4 Min Read
* Apple shares jump 8 pct after hours on buyback, results
* Nasdaq futures rally 1 pct after Wednesday's weakness
* New Zealand dollar up as central bank hikes rates, again
By Wayne Cole
SYDNEY, April 24 (Reuters) - Shares in tech heavyweights Apple and Facebook held hefty after-hours gains on Thursday as their results handily outpaced Wall Street expectations, though Asian markets managed only a mumbled cheer.
The Nikkei slipped 0.97 percent with some investors apparently disappointed that a meeting between Japanese Prime Minister Shinzo Abe and U.S. President Barack Obama made no concrete progress on a trade deal.
Markets were mixed elsewhere across the region with Singapore up 0.5 percent, but Shanghai off 0.3 percent. MSCI's broadest index of Asia-Pacific shares outside Japan edged ahead by a tenth of a percent.
The outlook for the U.S. market was brighter, however, with Nasdaq futures up 1 percent and the S&P 500 E-mini adding 0.3 percent.
European bourses were also set for a positive day, with the FTSE 100, DAX and CAC 40 futures all starting 0.3 to 0.5 percent firmer.
The gains come after Apple decided to buy back $30 billion of its shares through the end of 2015 and authorised a seven-for-one stock split.
Its shares jumped almost 8 percent to $566.50 in after-hours trade, the highest since December and adding roughly $35 billion to its market worth.
Apple reported sales of 43.7 million iPhones in the quarter ended March, far outpacing forecasts. That drove a 4.6 percent rise in revenue to $45.6 billion, a record for any non-holiday quarter.
Facebook Inc shares also boasted a 3.7 percent jump after hours as the Internet social networking company topped Wall Street's financial targets.
Of the 158 S&P 500 companies that have reported so far, 75 percent have beaten earnings expectations.
The Nasdaq had ended Wednesday 0.83 percent lower, while the Dow eased 0.08 percent and the S&P 500 lost 0.22 percent.
The main mover in currencies was the New Zealand dollar, which hopped higher after the country's central bank raised interest rates by a quarter point to 3 percent and signalled there was more tightening to come.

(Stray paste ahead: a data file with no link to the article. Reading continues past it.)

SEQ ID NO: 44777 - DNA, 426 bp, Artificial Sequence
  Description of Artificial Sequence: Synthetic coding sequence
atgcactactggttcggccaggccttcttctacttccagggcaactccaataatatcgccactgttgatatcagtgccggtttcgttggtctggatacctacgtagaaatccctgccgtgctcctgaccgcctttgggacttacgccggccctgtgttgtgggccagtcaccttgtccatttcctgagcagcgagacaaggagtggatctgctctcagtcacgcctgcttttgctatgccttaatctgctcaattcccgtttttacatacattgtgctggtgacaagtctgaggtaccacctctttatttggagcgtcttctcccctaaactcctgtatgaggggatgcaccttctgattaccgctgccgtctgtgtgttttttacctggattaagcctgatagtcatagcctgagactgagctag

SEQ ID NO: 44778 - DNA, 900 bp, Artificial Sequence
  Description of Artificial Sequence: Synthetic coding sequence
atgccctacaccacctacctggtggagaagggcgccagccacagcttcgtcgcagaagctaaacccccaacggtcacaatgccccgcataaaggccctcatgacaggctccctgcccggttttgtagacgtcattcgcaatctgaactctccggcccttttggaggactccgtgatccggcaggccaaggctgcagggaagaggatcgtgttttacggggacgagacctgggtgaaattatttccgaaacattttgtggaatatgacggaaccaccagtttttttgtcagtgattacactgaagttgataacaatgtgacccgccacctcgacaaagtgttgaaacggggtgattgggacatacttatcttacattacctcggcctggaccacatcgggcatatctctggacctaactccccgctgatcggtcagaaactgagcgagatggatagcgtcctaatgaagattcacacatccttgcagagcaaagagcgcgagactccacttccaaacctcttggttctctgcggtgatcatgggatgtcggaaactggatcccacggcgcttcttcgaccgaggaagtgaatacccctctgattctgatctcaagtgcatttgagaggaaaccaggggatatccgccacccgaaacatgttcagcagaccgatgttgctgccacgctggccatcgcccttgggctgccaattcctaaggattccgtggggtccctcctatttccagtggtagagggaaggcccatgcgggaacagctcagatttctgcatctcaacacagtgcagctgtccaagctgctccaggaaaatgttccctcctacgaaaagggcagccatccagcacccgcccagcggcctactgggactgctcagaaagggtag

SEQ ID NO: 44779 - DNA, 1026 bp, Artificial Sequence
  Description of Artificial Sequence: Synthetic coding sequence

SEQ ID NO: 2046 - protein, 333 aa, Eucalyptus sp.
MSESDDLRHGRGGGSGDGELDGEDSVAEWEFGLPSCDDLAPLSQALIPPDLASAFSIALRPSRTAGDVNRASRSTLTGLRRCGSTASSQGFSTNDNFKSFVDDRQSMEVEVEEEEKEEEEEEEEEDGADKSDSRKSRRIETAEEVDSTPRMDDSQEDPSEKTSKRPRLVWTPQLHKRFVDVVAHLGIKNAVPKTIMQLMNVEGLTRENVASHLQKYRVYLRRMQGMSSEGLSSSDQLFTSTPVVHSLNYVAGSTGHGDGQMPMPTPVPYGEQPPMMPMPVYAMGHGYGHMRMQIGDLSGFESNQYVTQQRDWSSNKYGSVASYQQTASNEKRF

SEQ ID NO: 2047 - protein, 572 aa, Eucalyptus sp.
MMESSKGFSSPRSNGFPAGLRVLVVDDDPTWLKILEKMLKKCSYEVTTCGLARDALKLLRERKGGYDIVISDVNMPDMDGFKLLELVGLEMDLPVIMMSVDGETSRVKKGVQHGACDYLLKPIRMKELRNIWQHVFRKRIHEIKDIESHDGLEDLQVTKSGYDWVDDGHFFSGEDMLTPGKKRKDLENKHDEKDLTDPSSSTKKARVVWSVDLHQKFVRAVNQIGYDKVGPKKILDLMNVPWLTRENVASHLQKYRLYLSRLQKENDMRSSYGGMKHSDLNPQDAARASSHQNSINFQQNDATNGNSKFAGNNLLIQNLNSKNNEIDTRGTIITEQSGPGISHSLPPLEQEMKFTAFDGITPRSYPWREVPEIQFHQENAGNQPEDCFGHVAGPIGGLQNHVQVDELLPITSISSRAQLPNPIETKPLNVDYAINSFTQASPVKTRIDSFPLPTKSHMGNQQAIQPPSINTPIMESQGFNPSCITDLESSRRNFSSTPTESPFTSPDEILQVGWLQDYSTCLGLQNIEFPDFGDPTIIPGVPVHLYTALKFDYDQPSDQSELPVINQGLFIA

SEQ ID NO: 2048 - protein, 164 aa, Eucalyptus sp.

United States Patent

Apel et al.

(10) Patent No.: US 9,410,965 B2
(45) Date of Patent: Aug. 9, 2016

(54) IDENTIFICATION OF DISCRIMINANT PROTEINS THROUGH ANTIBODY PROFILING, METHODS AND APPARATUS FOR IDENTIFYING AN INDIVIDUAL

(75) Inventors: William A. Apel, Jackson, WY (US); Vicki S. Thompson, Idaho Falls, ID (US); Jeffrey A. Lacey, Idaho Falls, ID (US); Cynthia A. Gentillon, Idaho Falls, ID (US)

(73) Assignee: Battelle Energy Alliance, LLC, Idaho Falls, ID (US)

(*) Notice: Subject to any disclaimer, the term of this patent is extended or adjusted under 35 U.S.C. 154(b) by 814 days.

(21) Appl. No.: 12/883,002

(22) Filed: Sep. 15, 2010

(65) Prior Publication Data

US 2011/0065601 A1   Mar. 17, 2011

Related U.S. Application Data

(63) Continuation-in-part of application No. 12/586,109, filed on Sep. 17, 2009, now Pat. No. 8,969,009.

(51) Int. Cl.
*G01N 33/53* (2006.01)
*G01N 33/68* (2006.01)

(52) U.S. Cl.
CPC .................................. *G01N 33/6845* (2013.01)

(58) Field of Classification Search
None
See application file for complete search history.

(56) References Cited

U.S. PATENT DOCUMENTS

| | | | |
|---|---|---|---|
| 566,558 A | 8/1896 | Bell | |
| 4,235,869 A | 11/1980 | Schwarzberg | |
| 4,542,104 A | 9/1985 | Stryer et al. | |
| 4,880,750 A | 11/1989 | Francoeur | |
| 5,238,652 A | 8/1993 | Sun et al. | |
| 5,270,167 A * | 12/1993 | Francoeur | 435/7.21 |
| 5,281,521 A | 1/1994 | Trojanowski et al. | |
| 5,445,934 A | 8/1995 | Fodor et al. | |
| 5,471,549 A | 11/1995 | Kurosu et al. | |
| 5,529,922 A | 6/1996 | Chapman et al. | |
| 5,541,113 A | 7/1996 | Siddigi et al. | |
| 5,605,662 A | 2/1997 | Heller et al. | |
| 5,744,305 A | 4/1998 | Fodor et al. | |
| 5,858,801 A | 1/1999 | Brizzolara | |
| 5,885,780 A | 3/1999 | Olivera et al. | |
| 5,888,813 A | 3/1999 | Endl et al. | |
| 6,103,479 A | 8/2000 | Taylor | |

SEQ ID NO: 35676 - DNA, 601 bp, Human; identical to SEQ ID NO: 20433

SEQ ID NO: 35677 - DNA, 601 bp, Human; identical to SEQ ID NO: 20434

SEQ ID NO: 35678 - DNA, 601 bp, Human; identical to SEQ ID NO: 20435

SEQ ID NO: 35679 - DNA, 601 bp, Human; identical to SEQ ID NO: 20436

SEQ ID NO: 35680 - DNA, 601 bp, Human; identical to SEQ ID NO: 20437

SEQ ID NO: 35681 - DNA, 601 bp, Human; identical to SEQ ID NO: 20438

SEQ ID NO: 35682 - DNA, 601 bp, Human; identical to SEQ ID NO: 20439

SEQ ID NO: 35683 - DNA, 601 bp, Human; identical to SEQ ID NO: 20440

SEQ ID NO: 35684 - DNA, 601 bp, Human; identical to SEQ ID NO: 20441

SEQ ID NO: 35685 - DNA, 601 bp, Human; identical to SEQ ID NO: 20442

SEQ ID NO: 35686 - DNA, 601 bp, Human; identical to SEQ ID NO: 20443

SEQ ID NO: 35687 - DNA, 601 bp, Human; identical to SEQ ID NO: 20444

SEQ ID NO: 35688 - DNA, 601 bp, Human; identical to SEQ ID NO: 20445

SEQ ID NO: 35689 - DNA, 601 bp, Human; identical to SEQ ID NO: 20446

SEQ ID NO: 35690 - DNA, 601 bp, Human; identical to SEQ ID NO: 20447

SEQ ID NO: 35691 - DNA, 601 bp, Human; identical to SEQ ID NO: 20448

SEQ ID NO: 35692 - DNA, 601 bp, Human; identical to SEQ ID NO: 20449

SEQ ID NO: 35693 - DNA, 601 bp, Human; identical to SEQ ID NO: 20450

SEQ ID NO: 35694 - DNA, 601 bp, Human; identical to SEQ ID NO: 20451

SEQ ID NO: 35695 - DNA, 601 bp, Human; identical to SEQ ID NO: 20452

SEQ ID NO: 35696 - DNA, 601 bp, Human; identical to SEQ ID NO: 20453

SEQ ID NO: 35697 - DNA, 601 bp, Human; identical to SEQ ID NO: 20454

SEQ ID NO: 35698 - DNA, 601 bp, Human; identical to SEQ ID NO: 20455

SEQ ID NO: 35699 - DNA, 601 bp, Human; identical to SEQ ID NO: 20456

The kiwi dollar gained around a third of a cent to $0.8623 in the wake of the news.
Yet that was the only excitement in a market that has been trading within frustratingly tight ranges. The U.S. dollar eased slightly on the yen to 102.35, but remains trapped in a 101.50 to 104.50 band that has held for almost three months now.
Likewise, the euro was little changed at $1.3819 after failing to sustain even the smallest of rallies overnight. It briefly popped up to $1.3854 following better news on euro zone manufacturing, but quickly ran out of steam.
The latest performance of manufacturing indexes showed euro zone businesses enjoyed the best month in nearly three years, led by a jump in Germany.
The "flash" PMI for the United States dipped a tick to 55.4 in April, missing forecasts of 56.0 but still pointing to solid growth in the sector.
However, there was worrying news on U.S. housing as new home sales dived 14.5 percent in March on top of a 4.5 drop in February. The annualised sales pace of 384,000 was the second slowest since late 2012, a blow to what has been a major driver of the U.S. economic recovery.
In commodity markets, oil prices recouped some of the losses suffered after U.S. crude inventories hit a record high, with the continuing crisis in Ukraine keeping a floor under the market.
Brent crude for June delivery added 17 cents to $109.28 a barrel, while U.S. crude gained 22 cents to $101.66.
Gold edged higher to $1,286.05 an ounce but remained uncomfortably close to major chart support at $1,275. (Editing by Chris Gallagher & Shri Navaratnam)